I’m geeky?

(This originally appeared on the cj engineering blog on February 9, 2016)

She’s Geeky 2016 “Unconference” was held at the Computer History Museum in Mountain View on Saturday, January 30. I don’t typically label myself a geek, but I seized the opportunity to attend, and seized #1daughter to accompany me, on the “bring-your-daughter” companion ticket. Why, if I am not a self-described geek, did I wish to attend? Well…

  • mainly – for interaction and conversation with other women who work in technology
  • possibly – for connections that might steer more female candidates toward our hiring efforts
  • hopefully – to get inspiration for #1daughter…
  • and – bonus – it was the last chance to see the Babbage Difference Engine before it was relocated out of the museum!

Saturday, which was in fact the second day of the event, saw 200+ attendees forfeit their weekend morning lie-in in favor of this geeky gathering. Introductions and opening ceremonies completed, we swarmed at the agenda board with our suggested topics and, as happens in the OpenSpace method, a motley collection of hand-written pages metamorphosed into a coherent and colorful agenda for the day.

A sampling of the session topics: follow your passion, HTML5 and css, the classroom of the future, IoT recipes, diversity gaps, mentoring 360, hacker events, arduino starter kits, and much more. There are too many to delve into, but a few are worth calling out here. For more details, check out the blog at shesgeeky.org.

Impostor Syndrome: an engaging discussion. It made me realize that women working in tech commonly encounter discrimination, disparagement of their efforts and abilities, and unfairness. While it was disheartening to hear this first-hand from some who had experienced it, I felt grateful and a bit proud that this is not something I encounter here at CJ.

How to access a computer when you cannot use your hands: My feeble writing will not do justice to the courage and fortitude of this speaker. A software engineer who suffers from ALS spoke to us by means of the tablet, camera and software wired and configured into her wheelchair. She told us how these technologies enabled her to deal with, first, the loss of her dominant hand; soon, the loss of both hands, and, inevitably, the frightening loss of her own voice. Dasher, a zooming predictive text entry system, with a camera and eye-tracking software, is used for formulating speech. Invented some years ago at Cambridge University, England, development on Dasher stopped about 5 years ago. Frustrated with some of its shortcomings, this engineer cloned the git repo to work on her own enhancements. She and her team are poised to launch the first new release in years. Interestingly, Dasher is hopeless for writing code – an on-screen keyboard is better suited.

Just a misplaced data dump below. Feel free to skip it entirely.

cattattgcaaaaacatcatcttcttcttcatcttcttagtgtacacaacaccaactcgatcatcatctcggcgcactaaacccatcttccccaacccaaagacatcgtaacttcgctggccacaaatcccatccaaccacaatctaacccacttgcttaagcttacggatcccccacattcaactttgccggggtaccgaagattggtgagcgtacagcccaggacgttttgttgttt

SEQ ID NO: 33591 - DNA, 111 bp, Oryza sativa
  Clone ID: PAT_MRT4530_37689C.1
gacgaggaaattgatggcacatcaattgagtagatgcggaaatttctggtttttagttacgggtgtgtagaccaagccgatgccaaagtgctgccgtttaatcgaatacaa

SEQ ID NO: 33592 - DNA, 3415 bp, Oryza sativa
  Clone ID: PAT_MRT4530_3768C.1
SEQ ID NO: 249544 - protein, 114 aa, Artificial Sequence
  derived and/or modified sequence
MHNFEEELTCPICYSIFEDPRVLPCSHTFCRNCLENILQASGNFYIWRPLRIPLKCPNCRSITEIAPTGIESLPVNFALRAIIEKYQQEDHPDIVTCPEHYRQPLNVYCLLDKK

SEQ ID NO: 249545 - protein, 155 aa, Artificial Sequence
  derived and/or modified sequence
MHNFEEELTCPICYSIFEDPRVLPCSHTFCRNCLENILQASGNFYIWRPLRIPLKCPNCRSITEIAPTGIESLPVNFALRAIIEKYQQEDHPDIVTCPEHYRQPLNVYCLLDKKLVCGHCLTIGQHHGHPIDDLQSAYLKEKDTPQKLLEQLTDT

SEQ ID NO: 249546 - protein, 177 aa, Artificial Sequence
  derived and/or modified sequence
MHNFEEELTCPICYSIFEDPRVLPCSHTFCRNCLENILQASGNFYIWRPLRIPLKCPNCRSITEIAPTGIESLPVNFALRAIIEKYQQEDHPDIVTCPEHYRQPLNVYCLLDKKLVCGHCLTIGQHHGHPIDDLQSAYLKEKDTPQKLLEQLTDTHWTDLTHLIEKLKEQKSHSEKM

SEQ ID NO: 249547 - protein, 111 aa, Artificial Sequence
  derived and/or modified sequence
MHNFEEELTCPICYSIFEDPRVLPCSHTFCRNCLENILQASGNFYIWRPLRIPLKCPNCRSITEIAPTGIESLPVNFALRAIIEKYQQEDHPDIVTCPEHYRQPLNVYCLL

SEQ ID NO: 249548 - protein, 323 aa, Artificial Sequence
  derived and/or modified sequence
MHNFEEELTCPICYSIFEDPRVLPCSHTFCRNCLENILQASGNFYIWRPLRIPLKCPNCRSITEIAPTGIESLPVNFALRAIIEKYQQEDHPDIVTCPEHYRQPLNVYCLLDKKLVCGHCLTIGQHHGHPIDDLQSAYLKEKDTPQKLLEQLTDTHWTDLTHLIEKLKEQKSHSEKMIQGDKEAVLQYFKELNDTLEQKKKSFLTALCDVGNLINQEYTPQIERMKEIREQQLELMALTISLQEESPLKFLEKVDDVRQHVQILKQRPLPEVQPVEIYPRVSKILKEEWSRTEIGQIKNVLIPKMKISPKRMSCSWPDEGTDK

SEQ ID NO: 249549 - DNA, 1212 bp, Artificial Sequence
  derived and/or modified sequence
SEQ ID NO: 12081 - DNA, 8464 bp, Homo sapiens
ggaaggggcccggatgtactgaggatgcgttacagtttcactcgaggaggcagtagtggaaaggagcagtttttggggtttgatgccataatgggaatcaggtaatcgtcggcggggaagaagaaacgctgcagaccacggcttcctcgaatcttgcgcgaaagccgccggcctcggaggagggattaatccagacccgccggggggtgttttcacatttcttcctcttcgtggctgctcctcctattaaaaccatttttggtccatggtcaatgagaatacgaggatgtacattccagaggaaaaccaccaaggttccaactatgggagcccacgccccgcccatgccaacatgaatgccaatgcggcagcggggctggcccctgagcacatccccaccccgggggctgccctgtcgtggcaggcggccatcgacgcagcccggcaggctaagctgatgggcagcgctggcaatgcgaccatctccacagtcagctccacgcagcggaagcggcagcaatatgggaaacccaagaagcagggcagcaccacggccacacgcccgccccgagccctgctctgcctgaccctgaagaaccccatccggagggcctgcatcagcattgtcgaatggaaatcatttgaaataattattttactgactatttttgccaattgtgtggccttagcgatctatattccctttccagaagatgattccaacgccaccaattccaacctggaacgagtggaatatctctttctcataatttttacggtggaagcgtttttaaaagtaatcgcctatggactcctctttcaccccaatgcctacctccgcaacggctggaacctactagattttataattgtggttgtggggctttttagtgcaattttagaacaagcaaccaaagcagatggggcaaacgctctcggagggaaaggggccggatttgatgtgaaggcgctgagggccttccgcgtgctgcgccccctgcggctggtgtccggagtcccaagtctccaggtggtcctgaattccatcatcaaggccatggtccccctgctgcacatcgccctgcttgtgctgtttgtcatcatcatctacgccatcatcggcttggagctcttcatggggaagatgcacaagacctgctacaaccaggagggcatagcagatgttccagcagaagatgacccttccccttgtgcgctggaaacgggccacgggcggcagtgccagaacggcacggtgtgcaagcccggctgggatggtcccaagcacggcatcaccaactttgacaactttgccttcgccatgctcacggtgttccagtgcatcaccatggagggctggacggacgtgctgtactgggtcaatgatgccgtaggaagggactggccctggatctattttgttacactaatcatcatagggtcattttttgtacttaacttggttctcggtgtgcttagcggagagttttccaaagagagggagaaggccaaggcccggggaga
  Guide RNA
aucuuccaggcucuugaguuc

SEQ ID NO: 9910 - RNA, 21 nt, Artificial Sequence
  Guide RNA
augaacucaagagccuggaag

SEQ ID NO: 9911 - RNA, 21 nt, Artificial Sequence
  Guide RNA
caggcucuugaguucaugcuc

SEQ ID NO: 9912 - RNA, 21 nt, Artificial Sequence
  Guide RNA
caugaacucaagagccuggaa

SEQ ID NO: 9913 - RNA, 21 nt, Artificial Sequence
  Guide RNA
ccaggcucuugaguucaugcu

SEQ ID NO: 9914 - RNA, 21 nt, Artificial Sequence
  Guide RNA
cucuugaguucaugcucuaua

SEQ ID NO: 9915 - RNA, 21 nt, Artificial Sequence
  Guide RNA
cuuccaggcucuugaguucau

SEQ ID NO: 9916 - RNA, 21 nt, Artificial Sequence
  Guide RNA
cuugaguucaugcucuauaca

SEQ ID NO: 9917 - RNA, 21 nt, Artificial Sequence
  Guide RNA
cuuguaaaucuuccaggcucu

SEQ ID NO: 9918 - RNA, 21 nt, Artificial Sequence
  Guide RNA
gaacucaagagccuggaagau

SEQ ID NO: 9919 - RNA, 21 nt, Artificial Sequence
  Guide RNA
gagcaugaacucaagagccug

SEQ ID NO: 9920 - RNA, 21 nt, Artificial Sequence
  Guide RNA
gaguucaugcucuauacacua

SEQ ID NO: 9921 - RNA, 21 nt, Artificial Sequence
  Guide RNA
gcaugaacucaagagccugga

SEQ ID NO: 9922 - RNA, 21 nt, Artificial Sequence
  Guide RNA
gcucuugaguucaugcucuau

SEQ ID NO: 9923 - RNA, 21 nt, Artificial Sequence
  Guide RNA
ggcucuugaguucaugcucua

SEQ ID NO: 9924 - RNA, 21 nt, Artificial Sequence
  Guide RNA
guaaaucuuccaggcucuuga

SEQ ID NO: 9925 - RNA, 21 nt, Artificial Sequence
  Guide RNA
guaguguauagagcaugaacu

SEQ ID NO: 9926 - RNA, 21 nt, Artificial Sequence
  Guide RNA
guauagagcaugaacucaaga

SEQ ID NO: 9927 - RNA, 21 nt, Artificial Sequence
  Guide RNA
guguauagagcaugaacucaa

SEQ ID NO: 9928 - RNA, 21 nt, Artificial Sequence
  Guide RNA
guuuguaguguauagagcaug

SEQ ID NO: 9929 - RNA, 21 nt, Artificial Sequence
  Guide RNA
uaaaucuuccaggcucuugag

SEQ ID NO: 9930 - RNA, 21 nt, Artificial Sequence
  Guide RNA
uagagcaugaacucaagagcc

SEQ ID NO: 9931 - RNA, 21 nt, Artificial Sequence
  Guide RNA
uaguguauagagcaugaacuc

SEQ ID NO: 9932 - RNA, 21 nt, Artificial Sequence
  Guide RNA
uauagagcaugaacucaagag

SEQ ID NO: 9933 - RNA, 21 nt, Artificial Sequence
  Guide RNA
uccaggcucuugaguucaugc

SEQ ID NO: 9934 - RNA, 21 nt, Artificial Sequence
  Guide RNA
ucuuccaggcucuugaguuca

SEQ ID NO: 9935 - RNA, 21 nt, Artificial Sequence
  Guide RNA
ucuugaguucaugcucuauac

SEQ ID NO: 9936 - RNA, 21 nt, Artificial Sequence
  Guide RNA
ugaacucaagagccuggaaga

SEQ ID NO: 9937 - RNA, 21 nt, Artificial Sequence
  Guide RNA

She too brought her daughter. It was one of the more profound sessions of the event.

Arduinos for all: A practical and useful hands on demo of arduino. I learned that arduinos are both cheaper and simpler than I had supposed. I will definitely invest in a kit in the near future. The next pedagogical experiment to try on my kids, perhaps?

Oh – and speaking of pedagogical experiments – how did #1daughter get on? Well, it seems the women in tech community did not terrify her after all. In fact she had this to say:

“Instead of a group of very intelligent people talking about very intelligent things in a very intelligent way, I got to meet a group of very intelligent people who were open, kind, and interesting.”

I’ll take it. It’s not every day a teenager will use those four adjectives to describe people like her mother.

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